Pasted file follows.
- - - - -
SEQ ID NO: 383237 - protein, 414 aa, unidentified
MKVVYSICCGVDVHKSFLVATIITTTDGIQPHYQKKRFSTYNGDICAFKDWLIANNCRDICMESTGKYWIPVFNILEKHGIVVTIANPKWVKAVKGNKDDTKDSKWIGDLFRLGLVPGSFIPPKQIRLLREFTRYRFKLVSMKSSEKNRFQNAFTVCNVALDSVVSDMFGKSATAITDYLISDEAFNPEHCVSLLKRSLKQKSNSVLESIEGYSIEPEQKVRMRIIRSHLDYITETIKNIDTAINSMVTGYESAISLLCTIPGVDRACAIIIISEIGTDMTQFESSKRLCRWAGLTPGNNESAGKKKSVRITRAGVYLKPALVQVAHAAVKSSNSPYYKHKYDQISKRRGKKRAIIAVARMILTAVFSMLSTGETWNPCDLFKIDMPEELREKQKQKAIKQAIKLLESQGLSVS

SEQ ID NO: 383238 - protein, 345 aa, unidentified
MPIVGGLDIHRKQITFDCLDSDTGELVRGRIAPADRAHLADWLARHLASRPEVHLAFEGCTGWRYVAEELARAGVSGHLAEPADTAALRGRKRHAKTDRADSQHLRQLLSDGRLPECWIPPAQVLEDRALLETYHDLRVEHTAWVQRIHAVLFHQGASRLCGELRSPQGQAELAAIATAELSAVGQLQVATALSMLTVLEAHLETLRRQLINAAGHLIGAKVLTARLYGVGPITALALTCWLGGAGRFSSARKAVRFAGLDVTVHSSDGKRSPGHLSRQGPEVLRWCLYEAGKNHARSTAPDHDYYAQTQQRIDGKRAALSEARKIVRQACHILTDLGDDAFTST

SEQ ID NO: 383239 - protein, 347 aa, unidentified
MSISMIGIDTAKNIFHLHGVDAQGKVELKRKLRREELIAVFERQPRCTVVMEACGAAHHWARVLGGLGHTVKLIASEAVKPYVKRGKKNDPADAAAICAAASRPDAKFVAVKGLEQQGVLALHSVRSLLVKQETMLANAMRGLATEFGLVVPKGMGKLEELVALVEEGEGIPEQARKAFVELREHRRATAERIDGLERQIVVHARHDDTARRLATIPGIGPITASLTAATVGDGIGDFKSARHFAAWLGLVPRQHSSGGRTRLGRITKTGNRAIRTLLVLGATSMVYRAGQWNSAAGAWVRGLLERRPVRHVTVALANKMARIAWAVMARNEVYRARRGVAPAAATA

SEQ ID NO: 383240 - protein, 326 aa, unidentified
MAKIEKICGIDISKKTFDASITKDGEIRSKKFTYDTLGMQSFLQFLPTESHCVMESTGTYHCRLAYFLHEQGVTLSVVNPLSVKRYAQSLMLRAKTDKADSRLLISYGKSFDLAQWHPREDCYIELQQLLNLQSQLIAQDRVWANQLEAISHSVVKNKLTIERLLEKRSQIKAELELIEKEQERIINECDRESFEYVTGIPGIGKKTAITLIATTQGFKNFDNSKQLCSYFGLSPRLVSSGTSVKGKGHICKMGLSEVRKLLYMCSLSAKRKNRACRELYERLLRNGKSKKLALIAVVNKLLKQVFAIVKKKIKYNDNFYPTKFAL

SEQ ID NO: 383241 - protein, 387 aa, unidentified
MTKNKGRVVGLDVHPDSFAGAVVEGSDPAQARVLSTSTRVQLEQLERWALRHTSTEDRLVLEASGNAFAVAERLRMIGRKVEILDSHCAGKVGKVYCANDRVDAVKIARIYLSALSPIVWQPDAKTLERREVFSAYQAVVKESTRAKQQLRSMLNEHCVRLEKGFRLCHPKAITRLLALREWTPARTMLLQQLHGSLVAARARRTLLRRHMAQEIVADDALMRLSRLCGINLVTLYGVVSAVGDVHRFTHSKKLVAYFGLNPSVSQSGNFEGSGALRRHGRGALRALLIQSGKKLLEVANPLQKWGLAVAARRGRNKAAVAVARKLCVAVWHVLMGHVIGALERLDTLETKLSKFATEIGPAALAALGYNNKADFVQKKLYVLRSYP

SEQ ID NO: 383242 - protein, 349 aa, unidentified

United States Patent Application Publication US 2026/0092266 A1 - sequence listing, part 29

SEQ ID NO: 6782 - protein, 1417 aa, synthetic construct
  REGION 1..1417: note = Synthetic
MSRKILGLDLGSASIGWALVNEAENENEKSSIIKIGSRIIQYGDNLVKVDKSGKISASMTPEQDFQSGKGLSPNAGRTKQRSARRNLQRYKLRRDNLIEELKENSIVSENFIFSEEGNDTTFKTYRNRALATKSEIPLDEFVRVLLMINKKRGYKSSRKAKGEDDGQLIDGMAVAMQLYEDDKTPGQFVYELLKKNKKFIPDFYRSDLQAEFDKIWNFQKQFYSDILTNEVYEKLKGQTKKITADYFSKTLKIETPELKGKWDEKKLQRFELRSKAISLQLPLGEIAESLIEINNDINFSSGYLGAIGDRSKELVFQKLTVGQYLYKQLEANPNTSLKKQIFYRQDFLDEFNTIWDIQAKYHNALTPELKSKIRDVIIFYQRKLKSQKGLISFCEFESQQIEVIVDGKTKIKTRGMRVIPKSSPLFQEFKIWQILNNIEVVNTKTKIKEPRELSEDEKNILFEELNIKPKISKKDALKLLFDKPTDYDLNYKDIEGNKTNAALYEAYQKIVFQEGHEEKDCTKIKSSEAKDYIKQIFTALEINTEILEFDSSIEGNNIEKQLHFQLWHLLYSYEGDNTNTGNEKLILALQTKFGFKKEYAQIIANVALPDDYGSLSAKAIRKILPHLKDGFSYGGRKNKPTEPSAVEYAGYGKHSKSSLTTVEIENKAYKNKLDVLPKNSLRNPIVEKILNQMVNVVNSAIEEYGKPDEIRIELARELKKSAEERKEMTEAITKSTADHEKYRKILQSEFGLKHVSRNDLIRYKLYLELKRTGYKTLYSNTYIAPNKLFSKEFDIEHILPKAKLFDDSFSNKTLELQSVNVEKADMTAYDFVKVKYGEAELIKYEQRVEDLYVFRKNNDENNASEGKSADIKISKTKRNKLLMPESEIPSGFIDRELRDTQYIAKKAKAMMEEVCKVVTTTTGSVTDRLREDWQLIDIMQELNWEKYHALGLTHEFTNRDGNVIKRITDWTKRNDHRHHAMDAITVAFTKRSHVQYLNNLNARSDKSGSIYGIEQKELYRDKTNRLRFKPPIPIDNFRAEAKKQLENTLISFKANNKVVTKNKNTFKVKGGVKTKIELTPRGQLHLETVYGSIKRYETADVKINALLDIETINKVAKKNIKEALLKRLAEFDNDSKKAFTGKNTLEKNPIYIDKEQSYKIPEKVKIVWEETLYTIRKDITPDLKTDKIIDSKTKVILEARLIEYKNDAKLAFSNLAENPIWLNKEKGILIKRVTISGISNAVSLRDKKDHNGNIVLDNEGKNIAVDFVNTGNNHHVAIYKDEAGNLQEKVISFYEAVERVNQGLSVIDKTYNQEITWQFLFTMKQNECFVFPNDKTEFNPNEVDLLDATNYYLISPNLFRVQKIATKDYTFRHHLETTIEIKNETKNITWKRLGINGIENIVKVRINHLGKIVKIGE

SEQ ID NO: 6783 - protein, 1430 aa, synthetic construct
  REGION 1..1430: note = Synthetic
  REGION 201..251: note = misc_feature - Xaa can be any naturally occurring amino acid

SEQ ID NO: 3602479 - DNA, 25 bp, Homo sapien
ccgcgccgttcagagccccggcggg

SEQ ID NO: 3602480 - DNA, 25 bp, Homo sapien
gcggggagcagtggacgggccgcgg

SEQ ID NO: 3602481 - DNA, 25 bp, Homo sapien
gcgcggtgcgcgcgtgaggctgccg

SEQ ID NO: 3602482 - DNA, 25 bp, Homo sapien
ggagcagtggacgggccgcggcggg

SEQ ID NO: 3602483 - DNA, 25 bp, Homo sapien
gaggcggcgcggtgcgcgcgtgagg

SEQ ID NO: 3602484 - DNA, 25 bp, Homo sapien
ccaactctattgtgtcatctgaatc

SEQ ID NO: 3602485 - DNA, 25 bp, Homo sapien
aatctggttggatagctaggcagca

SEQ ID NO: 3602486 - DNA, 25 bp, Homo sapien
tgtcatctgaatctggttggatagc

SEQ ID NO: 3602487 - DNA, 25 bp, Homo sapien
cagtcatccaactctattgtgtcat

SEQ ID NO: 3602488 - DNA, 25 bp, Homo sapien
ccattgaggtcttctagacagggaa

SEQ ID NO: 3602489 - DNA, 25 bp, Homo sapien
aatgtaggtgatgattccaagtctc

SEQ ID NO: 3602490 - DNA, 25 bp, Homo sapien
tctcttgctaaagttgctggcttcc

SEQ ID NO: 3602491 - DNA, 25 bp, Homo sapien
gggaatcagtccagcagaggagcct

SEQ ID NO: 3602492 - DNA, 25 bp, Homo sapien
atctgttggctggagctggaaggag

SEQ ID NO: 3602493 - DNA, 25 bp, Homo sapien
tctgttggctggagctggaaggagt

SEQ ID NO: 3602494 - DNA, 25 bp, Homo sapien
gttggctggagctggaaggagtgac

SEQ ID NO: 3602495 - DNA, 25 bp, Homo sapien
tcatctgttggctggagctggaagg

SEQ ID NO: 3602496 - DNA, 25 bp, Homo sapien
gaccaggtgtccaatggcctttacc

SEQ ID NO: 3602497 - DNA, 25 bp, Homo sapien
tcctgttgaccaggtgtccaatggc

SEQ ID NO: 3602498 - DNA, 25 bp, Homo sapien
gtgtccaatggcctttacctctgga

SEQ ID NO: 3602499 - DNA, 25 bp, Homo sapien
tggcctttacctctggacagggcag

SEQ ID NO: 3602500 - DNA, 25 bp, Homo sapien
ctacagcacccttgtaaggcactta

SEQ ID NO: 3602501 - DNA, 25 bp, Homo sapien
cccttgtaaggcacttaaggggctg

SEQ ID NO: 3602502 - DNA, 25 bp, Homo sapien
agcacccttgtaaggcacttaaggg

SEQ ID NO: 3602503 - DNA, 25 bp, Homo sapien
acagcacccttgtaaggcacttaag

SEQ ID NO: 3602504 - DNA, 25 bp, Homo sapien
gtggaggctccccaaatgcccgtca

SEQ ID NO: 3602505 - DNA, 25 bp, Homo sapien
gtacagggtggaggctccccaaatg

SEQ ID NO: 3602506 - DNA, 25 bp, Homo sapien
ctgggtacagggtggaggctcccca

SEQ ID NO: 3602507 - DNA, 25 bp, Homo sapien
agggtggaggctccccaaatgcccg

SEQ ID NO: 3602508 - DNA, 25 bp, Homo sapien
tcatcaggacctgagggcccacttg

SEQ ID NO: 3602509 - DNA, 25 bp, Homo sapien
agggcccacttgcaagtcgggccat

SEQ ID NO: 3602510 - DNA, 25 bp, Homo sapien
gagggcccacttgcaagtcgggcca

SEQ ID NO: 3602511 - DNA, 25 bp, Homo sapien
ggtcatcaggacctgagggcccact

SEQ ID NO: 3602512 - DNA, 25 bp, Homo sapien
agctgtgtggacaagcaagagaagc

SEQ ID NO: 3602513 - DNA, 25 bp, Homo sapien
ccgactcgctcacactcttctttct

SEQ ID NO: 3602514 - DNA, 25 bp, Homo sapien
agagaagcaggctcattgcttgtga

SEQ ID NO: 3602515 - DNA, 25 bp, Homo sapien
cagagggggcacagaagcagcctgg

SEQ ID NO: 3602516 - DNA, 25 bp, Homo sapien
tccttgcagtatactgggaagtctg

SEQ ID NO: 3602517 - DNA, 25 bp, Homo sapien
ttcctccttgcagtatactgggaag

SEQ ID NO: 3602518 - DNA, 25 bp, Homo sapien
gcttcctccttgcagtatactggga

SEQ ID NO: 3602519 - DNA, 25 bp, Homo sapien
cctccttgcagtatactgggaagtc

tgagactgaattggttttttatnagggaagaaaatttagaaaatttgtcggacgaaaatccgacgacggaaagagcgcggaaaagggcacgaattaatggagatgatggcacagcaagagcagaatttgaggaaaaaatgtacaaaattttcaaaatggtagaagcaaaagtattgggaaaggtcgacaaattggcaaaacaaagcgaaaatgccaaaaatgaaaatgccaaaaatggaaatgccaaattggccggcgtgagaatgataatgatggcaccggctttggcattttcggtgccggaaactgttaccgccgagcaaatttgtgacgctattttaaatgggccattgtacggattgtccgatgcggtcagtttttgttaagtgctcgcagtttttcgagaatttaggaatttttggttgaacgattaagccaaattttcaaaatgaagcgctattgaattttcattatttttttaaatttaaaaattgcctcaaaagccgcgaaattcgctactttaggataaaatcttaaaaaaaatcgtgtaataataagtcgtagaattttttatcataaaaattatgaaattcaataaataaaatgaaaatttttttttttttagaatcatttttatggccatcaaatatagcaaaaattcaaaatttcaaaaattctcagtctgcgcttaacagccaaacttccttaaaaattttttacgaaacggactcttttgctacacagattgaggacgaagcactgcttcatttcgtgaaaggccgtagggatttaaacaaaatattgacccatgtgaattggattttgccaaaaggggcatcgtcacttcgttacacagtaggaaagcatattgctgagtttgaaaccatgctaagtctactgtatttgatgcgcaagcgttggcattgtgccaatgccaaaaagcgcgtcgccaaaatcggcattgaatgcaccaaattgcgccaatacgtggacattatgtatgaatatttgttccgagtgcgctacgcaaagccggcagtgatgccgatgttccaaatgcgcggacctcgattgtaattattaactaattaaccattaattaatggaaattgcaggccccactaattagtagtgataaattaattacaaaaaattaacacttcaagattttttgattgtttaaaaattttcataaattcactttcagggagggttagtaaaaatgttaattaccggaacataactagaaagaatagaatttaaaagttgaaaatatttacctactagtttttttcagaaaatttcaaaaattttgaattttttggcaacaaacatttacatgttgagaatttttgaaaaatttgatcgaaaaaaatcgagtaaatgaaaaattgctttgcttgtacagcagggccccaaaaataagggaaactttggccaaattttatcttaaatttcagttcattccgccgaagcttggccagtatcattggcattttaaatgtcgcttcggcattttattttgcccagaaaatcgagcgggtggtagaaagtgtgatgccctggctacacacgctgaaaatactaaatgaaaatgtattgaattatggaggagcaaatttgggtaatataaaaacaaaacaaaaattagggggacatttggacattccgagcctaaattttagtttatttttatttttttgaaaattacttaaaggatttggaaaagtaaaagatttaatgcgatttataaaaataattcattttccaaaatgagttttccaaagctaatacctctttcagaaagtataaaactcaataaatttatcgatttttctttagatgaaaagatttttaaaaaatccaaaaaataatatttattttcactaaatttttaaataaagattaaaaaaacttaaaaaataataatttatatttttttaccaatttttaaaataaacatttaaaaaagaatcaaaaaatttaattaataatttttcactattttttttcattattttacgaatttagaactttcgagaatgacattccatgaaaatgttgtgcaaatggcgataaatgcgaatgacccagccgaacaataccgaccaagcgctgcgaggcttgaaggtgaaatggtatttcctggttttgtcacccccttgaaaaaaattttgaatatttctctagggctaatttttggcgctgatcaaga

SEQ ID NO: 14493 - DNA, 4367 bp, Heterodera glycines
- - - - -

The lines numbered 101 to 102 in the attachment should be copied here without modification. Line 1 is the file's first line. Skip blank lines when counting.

tgagactgaattggttttttatnagggaagaaaatttagaaaatttgtcggacgaaaatccgacgacggaaagagcgcggaaaagggcacgaattaatggagatgatggcacagcaagagcagaatttgaggaaaaaatgtacaaaattttcaaaatggtagaagcaaaagtattgggaaaggtcgacaaattggcaaaacaaagcgaaaatgccaaaaatgaaaatgccaaaaatggaaatgccaaattggccggcgtgagaatgataatgatggcaccggctttggcattttcggtgccggaaactgttaccgccgagcaaatttgtgacgctattttaaatgggccattgtacggattgtccgatgcggtcagtttttgttaagtgctcgcagtttttcgagaatttaggaatttttggttgaacgattaagccaaattttcaaaatgaagcgctattgaattttcattatttttttaaatttaaaaattgcctcaaaagccgcgaaattcgctactttaggataaaatcttaaaaaaaatcgtgtaataataagtcgtagaattttttatcataaaaattatgaaattcaataaataaaatgaaaatttttttttttttagaatcatttttatggccatcaaatatagcaaaaattcaaaatttcaaaaattctcagtctgcgcttaacagccaaacttccttaaaaattttttacgaaacggactcttttgctacacagattgaggacgaagcactgcttcatttcgtgaaaggccgtagggatttaaacaaaatattgacccatgtgaattggattttgccaaaaggggcatcgtcacttcgttacacagtaggaaagcatattgctgagtttgaaaccatgctaagtctactgtatttgatgcgcaagcgttggcattgtgccaatgccaaaaagcgcgtcgccaaaatcggcattgaatgcaccaaattgcgccaatacgtggacattatgtatgaatatttgttccgagtgcgctacgcaaagccggcagtgatgccgatgttccaaatgcgcggacctcgattgtaattattaactaattaaccattaattaatggaaattgcaggccccactaattagtagtgataaattaattacaaaaaattaacacttcaagattttttgattgtttaaaaattttcataaattcactttcagggagggttagtaaaaatgttaattaccggaacataactagaaagaatagaatttaaaagttgaaaatatttacctactagtttttttcagaaaatttcaaaaattttgaattttttggcaacaaacatttacatgttgagaatttttgaaaaatttgatcgaaaaaaatcgagtaaatgaaaaattgctttgcttgtacagcagggccccaaaaataagggaaactttggccaaattttatcttaaatttcagttcattccgccgaagcttggccagtatcattggcattttaaatgtcgcttcggcattttattttgcccagaaaatcgagcgggtggtagaaagtgtgatgccctggctacacacgctgaaaatactaaatgaaaatgtattgaattatggaggagcaaatttgggtaatataaaaacaaaacaaaaattagggggacatttggacattccgagcctaaattttagtttatttttatttttttgaaaattacttaaaggatttggaaaagtaaaagatttaatgcgatttataaaaataattcattttccaaaatgagttttccaaagctaatacctctttcagaaagtataaaactcaataaatttatcgatttttctttagatgaaaagatttttaaaaaatccaaaaaataatatttattttcactaaatttttaaataaagattaaaaaaacttaaaaaataataatttatatttttttaccaatttttaaaataaacatttaaaaaagaatcaaaaaatttaattaataatttttcactattttttttcattattttacgaatttagaactttcgagaatgacattccatgaaaatgttgtgcaaatggcgataaatgcgaatgacccagccgaacaataccgaccaagcgctgcgaggcttgaaggtgaaatggtatttcctggttttgtcacccccttgaaaaaaattttgaatatttctctagggctaatttttggcgctgatcaaga

SEQ ID NO: 14493 - DNA, 4367 bp, Heterodera glycines